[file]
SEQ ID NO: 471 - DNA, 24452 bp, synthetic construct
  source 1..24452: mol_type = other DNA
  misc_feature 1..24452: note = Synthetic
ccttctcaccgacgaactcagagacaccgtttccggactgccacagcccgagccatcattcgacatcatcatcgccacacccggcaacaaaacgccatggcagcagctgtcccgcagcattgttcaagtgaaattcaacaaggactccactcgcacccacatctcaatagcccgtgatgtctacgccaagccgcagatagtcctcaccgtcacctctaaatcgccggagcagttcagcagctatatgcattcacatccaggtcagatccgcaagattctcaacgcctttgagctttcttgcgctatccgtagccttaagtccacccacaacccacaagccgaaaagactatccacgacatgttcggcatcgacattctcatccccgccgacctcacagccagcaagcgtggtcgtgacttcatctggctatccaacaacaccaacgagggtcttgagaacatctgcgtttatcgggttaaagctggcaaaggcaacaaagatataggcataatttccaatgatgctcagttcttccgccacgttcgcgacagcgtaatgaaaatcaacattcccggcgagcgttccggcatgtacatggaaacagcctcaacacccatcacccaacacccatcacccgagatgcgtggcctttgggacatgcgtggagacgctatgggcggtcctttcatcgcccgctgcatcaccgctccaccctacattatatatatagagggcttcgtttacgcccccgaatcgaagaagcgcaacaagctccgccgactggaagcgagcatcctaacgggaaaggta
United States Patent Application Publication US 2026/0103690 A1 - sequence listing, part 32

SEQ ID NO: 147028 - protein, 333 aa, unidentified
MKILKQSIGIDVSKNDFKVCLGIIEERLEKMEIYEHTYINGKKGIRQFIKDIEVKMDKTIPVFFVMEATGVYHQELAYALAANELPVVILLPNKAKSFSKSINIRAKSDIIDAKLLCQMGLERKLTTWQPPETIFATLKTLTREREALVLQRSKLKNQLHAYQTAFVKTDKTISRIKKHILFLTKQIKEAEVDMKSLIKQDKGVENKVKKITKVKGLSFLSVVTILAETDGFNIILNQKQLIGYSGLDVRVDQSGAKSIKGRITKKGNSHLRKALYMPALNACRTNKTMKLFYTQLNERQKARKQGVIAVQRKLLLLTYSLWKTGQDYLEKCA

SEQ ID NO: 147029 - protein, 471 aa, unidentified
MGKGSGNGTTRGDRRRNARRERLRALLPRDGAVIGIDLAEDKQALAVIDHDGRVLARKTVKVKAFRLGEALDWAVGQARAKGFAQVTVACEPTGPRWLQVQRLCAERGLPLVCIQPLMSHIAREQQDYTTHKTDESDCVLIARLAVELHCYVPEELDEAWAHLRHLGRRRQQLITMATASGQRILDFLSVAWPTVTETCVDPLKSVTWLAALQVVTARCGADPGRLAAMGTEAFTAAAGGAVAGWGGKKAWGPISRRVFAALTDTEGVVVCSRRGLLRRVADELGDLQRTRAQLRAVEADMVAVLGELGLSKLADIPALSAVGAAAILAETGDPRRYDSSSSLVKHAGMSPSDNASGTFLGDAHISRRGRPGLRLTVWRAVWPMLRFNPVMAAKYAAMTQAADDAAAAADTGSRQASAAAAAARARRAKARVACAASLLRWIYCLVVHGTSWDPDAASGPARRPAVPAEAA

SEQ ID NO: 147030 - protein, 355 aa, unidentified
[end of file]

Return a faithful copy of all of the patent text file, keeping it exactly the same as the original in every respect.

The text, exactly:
SEQ ID NO: 471 - DNA, 24452 bp, synthetic construct
  source 1..24452: mol_type = other DNA
  misc_feature 1..24452: note = Synthetic
ccttctcaccgacgaactcagagacaccgtttccggactgccacagcccgagccatcattcgacatcatcatcgccacacccggcaacaaaacgccatggcagcagctgtcccgcagcattgttcaagtgaaattcaacaaggactccactcgcacccacatctcaatagcccgtgatgtctacgccaagccgcagatagtcctcaccgtcacctctaaatcgccggagcagttcagcagctatatgcattcacatccaggtcagatccgcaagattctcaacgcctttgagctttcttgcgctatccgtagccttaagtccacccacaacccacaagccgaaaagactatccacgacatgttcggcatcgacattctcatccccgccgacctcacagccagcaagcgtggtcgtgacttcatctggctatccaacaacaccaacgagggtcttgagaacatctgcgtttatcgggttaaagctggcaaaggcaacaaagatataggcataatttccaatgatgctcagttcttccgccacgttcgcgacagcgtaatgaaaatcaacattcccggcgagcgttccggcatgtacatggaaacagcctcaacacccatcacccaacacccatcacccgagatgcgtggcctttgggacatgcgtggagacgctatgggcggtcctttcatcgcccgctgcatcaccgctccaccctacattatatatatagagggcttcgtttacgcccccgaatcgaagaagcgcaacaagctccgccgactggaagcgagcatcctaacgggaaaggta
United States Patent Application Publication US 2026/0103690 A1 - sequence listing, part 32

SEQ ID NO: 147028 - protein, 333 aa, unidentified
MKILKQSIGIDVSKNDFKVCLGIIEERLEKMEIYEHTYINGKKGIRQFIKDIEVKMDKTIPVFFVMEATGVYHQELAYALAANELPVVILLPNKAKSFSKSINIRAKSDIIDAKLLCQMGLERKLTTWQPPETIFATLKTLTREREALVLQRSKLKNQLHAYQTAFVKTDKTISRIKKHILFLTKQIKEAEVDMKSLIKQDKGVENKVKKITKVKGLSFLSVVTILAETDGFNIILNQKQLIGYSGLDVRVDQSGAKSIKGRITKKGNSHLRKALYMPALNACRTNKTMKLFYTQLNERQKARKQGVIAVQRKLLLLTYSLWKTGQDYLEKCA

SEQ ID NO: 147029 - protein, 471 aa, unidentified
MGKGSGNGTTRGDRRRNARRERLRALLPRDGAVIGIDLAEDKQALAVIDHDGRVLARKTVKVKAFRLGEALDWAVGQARAKGFAQVTVACEPTGPRWLQVQRLCAERGLPLVCIQPLMSHIAREQQDYTTHKTDESDCVLIARLAVELHCYVPEELDEAWAHLRHLGRRRQQLITMATASGQRILDFLSVAWPTVTETCVDPLKSVTWLAALQVVTARCGADPGRLAAMGTEAFTAAAGGAVAGWGGKKAWGPISRRVFAALTDTEGVVVCSRRGLLRRVADELGDLQRTRAQLRAVEADMVAVLGELGLSKLADIPALSAVGAAAILAETGDPRRYDSSSSLVKHAGMSPSDNASGTFLGDAHISRRGRPGLRLTVWRAVWPMLRFNPVMAAKYAAMTQAADDAAAAADTGSRQASAAAAAARARRAKARVACAASLLRWIYCLVVHGTSWDPDAASGPARRPAVPAEAA

SEQ ID NO: 147030 - protein, 355 aa, unidentified